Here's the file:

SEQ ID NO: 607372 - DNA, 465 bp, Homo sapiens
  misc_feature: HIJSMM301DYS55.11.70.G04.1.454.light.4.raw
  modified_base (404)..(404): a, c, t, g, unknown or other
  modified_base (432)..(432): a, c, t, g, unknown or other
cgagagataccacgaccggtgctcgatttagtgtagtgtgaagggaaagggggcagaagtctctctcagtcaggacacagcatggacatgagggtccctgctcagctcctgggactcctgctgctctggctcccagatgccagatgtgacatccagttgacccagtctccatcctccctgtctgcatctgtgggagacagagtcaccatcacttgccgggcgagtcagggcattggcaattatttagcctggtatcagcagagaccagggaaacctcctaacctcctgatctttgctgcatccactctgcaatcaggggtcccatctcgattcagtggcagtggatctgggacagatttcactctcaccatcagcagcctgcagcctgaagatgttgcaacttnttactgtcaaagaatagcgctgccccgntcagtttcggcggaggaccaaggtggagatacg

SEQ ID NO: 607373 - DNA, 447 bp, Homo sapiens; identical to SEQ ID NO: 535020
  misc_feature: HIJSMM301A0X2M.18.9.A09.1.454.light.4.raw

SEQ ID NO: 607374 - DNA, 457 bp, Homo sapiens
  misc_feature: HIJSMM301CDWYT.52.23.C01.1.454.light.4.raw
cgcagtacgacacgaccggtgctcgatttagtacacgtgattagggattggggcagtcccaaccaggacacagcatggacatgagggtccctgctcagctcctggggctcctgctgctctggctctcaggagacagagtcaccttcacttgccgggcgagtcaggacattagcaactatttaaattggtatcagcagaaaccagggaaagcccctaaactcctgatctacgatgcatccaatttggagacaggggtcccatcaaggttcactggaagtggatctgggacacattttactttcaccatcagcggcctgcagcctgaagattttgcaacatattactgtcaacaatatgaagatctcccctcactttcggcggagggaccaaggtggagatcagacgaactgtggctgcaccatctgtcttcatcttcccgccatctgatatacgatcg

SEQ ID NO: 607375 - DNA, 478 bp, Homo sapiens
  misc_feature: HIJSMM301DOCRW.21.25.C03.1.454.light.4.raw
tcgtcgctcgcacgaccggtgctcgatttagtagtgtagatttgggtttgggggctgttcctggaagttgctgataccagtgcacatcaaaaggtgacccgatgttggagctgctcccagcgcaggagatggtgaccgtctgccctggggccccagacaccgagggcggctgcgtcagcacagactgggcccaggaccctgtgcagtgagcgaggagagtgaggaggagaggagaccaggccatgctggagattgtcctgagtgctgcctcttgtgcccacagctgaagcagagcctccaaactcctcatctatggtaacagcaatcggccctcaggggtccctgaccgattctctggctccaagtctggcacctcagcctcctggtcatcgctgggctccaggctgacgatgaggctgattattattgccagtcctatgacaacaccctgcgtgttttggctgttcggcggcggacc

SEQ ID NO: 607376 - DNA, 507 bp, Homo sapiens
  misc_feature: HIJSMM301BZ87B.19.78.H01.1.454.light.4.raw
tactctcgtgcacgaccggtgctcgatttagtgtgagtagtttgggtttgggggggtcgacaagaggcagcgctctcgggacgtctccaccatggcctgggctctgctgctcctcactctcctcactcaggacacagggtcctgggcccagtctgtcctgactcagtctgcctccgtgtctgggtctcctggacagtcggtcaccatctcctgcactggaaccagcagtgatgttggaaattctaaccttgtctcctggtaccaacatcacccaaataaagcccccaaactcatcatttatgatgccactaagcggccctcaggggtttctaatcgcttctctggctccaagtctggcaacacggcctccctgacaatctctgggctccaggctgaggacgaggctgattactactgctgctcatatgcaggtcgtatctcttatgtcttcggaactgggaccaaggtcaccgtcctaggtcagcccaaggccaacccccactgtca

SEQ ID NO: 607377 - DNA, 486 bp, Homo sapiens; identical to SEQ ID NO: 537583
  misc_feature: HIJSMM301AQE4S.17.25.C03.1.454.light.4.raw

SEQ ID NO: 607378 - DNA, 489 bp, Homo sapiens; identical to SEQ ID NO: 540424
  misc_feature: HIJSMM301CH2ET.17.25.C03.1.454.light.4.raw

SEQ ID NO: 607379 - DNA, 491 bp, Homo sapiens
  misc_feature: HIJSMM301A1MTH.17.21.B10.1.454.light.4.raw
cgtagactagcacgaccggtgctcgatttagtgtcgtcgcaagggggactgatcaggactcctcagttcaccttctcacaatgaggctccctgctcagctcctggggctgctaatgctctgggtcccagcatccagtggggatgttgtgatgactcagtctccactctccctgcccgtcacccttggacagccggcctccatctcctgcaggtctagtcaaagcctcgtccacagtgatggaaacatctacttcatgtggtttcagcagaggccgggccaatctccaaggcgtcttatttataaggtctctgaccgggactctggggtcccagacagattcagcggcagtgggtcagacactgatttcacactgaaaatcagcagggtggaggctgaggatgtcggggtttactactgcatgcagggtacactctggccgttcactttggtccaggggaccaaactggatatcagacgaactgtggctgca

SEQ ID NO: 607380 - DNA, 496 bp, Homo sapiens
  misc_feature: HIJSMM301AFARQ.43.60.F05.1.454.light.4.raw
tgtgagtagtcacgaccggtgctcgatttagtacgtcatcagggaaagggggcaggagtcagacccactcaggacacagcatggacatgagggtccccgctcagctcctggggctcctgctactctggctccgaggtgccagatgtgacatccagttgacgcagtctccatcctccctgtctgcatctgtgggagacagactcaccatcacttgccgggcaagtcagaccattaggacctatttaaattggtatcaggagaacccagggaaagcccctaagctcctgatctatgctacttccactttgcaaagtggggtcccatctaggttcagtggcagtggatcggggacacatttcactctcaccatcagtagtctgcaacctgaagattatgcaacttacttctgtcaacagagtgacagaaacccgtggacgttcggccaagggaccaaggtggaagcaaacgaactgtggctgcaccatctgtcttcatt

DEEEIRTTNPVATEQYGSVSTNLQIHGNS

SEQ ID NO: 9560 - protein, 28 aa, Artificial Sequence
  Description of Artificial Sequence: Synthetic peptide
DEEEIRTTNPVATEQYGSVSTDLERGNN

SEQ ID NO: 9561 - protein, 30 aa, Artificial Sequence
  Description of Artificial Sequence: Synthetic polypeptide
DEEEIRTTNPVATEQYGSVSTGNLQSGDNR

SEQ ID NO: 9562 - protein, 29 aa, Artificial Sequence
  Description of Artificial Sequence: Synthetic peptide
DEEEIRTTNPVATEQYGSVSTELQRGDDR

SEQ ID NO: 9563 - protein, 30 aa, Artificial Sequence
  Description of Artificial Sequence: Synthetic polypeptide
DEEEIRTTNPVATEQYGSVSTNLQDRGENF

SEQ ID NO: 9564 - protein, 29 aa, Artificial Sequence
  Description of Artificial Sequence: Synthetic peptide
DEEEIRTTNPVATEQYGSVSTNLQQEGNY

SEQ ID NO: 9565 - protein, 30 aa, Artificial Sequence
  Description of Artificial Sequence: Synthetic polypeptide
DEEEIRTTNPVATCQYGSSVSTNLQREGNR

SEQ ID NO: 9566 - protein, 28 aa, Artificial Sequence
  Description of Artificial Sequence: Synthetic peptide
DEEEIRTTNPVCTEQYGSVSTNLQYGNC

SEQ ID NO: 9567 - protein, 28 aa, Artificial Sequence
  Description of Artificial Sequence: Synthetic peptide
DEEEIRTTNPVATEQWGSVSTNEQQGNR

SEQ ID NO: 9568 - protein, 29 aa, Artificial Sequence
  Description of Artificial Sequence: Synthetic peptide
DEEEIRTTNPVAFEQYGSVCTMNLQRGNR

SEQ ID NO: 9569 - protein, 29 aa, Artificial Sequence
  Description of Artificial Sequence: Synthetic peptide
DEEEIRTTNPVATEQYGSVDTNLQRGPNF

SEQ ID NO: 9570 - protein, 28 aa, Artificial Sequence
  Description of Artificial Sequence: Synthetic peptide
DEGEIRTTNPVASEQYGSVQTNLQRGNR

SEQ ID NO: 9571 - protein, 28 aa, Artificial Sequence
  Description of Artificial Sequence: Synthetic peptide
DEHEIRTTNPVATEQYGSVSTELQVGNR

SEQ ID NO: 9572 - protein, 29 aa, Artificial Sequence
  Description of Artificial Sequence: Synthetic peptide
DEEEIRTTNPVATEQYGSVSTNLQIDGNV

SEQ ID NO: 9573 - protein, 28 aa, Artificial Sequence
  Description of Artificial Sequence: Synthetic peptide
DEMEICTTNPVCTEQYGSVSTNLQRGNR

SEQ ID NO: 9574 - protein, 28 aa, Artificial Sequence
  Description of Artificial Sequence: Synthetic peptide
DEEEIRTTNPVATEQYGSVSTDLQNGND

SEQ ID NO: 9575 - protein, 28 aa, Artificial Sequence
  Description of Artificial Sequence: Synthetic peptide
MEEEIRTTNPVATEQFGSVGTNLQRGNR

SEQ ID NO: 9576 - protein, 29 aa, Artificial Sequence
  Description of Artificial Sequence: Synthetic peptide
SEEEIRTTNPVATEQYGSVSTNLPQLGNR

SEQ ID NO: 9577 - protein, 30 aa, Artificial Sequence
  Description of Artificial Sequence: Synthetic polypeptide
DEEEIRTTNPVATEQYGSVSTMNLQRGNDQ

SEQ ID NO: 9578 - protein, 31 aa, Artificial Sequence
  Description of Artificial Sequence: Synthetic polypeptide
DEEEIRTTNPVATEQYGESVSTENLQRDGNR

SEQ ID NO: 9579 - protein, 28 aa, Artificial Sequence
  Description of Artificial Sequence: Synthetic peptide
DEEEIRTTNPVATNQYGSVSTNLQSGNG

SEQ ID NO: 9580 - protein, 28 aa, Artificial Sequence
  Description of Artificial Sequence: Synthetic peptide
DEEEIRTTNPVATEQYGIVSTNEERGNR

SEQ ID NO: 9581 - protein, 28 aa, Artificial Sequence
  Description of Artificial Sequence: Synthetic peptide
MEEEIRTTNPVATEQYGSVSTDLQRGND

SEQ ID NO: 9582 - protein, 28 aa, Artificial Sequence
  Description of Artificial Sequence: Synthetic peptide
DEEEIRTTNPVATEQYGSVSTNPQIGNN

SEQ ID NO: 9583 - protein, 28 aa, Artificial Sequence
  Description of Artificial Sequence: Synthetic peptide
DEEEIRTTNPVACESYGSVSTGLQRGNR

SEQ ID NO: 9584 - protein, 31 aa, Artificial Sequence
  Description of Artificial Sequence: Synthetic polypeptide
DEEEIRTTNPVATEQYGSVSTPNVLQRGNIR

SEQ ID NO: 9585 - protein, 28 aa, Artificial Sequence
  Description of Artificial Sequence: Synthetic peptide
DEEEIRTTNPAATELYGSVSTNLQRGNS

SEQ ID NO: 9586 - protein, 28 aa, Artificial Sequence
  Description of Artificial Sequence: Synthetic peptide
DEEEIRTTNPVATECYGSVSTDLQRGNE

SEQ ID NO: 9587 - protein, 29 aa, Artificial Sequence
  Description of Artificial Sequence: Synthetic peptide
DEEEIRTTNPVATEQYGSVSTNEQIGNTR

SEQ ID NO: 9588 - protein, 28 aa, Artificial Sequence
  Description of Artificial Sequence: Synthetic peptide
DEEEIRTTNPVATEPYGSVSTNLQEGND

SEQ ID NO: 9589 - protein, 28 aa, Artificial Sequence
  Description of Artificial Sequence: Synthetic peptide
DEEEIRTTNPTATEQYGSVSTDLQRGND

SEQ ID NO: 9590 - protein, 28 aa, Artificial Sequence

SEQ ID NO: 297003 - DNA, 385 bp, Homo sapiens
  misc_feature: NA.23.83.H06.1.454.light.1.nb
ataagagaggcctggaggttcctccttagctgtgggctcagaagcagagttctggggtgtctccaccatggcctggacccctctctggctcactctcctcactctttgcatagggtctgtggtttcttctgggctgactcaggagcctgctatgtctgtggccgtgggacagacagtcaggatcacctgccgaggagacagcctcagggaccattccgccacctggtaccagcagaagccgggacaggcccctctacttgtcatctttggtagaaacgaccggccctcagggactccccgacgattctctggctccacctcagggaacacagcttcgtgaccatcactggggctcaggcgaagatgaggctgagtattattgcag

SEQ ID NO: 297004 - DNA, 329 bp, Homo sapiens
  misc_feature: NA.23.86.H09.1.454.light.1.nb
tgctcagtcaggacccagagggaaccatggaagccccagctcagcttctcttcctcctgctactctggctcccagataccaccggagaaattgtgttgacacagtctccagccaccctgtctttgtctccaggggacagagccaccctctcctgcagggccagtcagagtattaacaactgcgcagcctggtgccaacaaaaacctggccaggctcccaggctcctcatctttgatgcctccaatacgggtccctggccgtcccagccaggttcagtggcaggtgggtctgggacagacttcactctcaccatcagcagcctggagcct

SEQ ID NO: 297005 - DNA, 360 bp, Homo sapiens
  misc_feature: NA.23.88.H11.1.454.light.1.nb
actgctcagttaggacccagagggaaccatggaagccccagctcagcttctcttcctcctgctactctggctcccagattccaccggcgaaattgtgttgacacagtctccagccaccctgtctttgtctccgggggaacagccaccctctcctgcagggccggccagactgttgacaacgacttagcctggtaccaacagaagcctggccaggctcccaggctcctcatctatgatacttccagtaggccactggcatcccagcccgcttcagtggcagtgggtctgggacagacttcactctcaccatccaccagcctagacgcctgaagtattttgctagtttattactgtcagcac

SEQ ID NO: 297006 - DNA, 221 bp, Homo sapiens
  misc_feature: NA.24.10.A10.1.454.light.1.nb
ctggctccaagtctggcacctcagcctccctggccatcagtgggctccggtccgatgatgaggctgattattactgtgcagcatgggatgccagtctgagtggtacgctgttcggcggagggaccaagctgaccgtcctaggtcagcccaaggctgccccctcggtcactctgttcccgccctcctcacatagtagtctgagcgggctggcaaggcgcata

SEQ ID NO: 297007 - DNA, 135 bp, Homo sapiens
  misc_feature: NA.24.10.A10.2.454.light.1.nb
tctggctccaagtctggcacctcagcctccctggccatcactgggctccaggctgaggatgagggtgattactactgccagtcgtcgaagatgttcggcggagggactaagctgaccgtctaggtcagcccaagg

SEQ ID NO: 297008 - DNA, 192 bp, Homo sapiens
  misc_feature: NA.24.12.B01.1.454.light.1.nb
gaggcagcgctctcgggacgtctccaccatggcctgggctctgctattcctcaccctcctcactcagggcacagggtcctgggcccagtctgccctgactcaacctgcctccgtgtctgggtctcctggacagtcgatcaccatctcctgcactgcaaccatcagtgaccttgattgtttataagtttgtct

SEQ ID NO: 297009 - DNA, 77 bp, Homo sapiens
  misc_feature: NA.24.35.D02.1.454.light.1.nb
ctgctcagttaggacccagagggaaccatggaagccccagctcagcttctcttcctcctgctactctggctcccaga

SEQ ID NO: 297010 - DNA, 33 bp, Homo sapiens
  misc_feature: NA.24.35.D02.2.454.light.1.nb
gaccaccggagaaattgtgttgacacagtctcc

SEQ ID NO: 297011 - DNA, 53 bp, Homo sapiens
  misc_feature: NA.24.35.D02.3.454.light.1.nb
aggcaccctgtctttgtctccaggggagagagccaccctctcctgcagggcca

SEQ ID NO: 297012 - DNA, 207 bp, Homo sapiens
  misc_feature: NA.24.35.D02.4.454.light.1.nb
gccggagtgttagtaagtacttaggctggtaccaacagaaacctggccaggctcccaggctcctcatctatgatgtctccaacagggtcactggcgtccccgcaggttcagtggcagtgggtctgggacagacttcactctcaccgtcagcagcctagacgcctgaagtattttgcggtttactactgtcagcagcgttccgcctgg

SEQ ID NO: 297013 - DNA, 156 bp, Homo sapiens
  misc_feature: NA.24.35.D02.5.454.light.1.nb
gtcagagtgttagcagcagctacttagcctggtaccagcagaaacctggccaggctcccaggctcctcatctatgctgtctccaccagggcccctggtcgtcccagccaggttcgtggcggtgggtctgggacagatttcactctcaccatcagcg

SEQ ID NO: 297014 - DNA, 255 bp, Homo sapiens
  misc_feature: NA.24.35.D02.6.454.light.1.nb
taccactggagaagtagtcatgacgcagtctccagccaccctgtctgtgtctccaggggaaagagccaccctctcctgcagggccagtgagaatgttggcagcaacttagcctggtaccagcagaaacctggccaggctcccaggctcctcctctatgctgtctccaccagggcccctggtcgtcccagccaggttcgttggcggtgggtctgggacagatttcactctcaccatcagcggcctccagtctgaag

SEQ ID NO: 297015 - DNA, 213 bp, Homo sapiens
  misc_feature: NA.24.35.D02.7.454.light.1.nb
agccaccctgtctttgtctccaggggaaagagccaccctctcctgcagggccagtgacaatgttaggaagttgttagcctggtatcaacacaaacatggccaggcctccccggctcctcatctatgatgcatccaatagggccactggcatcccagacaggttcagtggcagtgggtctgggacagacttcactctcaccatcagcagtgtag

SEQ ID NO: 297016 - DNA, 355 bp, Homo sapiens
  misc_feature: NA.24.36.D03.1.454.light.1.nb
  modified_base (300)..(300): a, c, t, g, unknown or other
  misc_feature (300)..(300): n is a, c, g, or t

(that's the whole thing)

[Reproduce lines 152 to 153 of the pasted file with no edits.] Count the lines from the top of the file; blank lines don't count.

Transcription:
SEQ ID NO: 297014 - DNA, 255 bp, Homo sapiens
  misc_feature: NA.24.35.D02.6.454.light.1.nb